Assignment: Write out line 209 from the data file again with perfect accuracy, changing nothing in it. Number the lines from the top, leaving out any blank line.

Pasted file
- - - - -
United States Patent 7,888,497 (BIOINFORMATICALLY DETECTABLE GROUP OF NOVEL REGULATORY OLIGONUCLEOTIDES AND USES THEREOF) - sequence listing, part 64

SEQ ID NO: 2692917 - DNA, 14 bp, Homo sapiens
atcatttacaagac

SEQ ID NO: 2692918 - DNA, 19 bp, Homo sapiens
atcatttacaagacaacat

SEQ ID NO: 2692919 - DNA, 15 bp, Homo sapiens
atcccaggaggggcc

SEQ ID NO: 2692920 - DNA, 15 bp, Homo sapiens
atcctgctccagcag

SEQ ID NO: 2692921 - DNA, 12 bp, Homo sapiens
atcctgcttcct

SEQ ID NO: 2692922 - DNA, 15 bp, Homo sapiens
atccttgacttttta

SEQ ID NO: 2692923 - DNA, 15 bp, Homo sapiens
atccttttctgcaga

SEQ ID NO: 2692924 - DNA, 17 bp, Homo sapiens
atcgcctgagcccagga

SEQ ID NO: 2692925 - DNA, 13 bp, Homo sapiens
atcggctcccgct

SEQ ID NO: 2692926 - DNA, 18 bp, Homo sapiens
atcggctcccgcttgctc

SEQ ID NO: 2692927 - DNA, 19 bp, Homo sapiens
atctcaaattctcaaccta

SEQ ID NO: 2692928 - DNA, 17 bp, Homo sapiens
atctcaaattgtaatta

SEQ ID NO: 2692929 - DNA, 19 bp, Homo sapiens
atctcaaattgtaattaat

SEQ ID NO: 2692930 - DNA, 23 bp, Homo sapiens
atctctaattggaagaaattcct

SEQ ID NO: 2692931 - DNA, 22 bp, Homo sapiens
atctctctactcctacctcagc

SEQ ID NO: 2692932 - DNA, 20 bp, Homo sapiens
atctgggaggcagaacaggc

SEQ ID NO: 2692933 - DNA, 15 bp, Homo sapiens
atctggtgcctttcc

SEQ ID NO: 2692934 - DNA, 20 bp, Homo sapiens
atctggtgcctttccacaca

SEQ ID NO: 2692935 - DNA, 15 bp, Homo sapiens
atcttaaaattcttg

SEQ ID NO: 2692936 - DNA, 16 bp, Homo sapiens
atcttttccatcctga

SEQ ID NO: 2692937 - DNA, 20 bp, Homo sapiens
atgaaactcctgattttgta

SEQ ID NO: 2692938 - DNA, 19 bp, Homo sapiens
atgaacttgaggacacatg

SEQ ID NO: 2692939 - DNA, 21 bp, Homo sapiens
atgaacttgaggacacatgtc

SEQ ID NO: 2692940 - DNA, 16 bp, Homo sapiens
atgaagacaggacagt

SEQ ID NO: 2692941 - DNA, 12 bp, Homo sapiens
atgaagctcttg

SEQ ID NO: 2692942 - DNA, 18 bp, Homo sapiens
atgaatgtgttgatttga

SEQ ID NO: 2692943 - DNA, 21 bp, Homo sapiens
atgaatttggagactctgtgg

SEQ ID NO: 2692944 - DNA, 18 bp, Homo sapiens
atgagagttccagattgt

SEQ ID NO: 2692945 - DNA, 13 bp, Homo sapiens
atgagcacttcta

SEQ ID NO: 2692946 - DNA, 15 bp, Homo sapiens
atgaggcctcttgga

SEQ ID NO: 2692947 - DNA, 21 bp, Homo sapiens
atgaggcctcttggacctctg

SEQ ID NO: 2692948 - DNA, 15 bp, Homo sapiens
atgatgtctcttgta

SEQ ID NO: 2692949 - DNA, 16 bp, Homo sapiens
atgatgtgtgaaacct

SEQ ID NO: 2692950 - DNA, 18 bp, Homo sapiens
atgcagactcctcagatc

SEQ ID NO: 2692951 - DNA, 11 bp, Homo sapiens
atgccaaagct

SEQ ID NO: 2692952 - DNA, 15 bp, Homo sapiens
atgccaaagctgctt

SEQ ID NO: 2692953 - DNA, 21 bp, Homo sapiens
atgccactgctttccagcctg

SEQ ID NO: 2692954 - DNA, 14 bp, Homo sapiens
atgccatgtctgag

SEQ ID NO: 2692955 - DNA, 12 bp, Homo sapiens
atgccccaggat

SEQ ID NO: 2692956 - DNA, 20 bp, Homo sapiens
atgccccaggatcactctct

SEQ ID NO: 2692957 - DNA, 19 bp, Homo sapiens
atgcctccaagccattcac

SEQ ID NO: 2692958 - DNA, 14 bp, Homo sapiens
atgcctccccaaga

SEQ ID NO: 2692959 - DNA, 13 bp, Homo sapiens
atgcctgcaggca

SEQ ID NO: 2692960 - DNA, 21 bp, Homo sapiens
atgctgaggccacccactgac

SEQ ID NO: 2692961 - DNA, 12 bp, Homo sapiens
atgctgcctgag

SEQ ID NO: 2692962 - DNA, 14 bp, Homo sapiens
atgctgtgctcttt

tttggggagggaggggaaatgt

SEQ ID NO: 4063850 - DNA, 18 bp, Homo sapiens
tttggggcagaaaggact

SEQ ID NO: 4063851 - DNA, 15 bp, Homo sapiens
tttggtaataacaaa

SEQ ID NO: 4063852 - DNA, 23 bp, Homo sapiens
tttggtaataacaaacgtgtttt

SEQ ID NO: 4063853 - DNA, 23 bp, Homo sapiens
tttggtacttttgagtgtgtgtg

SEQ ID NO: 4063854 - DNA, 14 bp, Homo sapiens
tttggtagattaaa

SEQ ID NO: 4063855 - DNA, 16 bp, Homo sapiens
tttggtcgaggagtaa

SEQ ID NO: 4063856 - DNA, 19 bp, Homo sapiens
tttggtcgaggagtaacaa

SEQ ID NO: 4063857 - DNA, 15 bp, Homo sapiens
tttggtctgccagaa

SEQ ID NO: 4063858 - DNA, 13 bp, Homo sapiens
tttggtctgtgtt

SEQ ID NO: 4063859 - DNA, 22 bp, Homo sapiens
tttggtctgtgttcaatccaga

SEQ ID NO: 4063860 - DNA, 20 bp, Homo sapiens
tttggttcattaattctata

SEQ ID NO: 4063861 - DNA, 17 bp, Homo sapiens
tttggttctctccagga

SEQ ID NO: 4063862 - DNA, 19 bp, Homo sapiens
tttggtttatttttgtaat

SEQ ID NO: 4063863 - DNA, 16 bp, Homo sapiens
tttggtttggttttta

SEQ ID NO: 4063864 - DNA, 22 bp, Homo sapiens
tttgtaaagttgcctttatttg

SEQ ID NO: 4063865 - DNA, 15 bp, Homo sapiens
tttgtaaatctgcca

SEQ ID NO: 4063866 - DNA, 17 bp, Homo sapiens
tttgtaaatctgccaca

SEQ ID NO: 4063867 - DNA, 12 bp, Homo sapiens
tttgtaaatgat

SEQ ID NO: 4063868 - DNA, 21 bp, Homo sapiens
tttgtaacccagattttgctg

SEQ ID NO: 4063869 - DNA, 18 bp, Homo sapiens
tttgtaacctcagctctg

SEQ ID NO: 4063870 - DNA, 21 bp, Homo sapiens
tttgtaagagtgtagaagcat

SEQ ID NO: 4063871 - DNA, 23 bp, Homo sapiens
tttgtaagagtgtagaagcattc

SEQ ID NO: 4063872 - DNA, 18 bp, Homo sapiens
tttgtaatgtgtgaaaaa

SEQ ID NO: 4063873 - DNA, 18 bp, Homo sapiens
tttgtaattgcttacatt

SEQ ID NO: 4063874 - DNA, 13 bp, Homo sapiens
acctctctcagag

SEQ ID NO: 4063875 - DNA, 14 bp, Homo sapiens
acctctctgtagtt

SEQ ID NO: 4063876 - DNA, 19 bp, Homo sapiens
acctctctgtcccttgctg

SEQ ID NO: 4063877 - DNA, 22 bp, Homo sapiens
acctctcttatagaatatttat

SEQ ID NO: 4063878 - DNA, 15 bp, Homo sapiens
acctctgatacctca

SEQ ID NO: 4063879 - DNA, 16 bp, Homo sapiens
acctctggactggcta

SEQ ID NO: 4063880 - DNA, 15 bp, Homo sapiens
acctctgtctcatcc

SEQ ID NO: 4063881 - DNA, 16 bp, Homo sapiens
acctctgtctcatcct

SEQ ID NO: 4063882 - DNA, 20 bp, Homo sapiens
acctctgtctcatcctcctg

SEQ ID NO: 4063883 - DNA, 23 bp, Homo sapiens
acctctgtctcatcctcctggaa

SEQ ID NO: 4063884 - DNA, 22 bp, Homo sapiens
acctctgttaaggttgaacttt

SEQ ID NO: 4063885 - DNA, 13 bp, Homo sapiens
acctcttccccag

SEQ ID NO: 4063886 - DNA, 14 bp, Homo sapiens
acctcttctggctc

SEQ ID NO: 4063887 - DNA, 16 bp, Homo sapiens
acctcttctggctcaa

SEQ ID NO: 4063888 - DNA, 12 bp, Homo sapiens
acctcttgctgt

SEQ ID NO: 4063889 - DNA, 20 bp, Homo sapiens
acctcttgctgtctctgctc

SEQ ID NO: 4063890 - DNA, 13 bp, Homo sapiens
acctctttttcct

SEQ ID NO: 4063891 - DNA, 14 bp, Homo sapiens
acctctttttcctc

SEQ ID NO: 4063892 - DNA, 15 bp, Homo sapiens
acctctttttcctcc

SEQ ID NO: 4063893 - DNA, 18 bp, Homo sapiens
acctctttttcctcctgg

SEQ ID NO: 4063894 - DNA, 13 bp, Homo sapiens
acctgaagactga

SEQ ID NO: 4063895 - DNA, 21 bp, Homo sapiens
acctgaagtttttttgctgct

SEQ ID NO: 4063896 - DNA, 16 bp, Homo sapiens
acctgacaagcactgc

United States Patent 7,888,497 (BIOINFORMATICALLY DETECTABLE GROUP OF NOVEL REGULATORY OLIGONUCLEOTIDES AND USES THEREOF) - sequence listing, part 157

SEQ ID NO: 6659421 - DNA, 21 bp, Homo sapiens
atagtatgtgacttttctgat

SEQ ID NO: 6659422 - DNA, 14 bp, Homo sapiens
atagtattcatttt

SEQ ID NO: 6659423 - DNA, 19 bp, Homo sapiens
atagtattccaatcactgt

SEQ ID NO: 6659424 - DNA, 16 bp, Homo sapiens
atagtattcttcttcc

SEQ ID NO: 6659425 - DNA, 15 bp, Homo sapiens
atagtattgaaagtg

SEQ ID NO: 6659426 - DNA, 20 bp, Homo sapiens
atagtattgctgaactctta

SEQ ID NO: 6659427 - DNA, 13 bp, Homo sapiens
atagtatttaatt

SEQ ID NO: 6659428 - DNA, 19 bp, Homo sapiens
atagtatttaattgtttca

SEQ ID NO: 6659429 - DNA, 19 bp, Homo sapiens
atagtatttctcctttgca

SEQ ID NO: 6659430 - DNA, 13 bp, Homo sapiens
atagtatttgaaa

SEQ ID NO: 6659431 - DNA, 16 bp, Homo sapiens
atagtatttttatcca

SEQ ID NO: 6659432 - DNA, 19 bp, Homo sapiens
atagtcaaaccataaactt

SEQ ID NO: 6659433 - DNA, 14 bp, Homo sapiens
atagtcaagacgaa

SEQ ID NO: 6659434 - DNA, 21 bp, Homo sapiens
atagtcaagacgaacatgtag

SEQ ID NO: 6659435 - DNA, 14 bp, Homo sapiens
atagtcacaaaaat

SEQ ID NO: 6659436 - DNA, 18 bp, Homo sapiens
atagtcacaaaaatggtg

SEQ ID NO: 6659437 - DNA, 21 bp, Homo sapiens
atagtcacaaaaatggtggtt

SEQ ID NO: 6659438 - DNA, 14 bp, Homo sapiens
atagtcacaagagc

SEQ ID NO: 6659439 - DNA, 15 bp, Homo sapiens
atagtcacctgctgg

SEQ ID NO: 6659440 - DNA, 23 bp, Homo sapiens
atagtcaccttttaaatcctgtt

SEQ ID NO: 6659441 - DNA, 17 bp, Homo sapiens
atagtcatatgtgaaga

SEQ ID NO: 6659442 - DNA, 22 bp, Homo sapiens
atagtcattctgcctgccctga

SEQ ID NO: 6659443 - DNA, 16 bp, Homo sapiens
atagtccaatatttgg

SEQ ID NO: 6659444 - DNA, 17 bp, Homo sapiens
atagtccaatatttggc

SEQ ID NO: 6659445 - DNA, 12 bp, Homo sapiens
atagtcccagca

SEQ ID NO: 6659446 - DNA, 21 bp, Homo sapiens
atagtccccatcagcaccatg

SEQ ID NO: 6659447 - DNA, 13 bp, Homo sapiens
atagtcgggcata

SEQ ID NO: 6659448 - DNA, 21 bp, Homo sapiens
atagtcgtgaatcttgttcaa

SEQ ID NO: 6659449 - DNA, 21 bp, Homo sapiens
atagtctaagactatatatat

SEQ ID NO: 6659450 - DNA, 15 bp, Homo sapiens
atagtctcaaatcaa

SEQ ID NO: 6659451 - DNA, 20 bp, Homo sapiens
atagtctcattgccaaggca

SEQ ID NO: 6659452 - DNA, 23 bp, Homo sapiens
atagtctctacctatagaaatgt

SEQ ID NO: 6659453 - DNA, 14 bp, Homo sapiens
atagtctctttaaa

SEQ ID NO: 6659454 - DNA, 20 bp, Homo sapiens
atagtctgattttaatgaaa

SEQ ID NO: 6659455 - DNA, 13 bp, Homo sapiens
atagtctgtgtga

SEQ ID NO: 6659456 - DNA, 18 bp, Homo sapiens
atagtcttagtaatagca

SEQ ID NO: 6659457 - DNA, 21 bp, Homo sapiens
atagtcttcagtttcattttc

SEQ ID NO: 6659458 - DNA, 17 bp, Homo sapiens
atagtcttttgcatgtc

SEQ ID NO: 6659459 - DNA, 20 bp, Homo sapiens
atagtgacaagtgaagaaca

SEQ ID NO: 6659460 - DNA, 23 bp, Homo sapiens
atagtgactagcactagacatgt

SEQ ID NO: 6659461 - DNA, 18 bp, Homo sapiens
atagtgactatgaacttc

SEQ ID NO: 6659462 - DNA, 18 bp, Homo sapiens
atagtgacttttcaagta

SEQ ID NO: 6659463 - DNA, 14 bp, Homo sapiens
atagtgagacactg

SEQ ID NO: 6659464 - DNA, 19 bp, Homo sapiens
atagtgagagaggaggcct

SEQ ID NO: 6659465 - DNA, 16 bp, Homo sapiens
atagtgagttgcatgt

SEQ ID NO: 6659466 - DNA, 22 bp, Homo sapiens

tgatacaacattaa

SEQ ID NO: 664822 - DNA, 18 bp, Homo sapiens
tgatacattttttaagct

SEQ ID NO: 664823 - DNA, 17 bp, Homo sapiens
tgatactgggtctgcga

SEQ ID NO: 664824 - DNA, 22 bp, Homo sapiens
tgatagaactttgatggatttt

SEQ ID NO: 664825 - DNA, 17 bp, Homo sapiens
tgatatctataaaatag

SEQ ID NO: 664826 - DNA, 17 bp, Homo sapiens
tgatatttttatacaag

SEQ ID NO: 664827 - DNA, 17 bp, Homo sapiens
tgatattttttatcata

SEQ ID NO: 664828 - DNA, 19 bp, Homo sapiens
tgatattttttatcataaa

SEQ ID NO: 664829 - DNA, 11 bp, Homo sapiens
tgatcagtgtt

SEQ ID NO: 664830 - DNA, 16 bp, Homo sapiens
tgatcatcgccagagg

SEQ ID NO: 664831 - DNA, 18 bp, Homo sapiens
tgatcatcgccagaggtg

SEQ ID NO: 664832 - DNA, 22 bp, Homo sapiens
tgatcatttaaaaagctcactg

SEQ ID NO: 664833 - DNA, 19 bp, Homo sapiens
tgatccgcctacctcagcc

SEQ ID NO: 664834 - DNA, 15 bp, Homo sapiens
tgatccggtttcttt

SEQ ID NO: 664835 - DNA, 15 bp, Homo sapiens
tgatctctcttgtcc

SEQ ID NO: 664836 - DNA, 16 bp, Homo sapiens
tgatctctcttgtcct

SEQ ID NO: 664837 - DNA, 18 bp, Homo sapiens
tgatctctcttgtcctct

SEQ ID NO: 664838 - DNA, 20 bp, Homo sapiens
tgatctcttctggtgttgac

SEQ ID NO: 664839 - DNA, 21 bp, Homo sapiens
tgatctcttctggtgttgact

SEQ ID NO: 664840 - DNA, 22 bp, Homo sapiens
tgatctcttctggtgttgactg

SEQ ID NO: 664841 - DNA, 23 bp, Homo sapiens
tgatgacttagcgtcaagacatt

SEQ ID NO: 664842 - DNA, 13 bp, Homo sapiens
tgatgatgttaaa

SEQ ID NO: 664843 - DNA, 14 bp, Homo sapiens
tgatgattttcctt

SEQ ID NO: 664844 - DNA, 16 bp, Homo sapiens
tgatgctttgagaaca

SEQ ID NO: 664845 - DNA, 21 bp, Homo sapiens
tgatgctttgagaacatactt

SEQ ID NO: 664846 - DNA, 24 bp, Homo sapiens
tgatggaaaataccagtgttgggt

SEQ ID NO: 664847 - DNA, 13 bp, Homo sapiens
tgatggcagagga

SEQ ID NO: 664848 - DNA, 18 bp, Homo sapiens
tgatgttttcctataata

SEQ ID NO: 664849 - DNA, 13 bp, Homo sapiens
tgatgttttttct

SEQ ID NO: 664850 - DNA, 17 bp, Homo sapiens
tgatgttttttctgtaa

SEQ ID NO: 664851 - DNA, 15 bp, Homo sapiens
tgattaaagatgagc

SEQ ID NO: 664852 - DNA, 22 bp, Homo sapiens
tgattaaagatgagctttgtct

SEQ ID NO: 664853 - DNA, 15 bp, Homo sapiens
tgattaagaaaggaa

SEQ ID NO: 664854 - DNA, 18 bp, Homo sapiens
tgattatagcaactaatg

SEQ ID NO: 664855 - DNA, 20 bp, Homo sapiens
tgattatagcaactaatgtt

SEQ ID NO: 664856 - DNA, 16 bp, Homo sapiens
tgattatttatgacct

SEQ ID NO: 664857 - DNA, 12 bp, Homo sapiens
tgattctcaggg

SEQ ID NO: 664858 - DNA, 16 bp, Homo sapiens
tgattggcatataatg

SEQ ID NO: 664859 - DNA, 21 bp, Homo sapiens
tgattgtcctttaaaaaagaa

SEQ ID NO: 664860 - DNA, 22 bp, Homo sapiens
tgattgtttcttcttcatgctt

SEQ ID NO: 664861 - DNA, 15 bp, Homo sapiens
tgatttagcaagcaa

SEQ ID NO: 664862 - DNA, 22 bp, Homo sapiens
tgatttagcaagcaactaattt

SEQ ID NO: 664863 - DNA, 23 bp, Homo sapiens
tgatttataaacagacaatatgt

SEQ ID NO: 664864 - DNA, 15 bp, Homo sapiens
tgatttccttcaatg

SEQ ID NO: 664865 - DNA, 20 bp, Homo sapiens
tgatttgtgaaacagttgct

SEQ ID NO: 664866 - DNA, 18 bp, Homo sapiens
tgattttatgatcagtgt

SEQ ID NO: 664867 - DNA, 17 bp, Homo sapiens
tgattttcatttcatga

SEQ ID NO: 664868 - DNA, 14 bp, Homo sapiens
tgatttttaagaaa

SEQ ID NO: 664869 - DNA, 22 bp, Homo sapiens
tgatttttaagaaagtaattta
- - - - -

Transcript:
atagtatttgaaa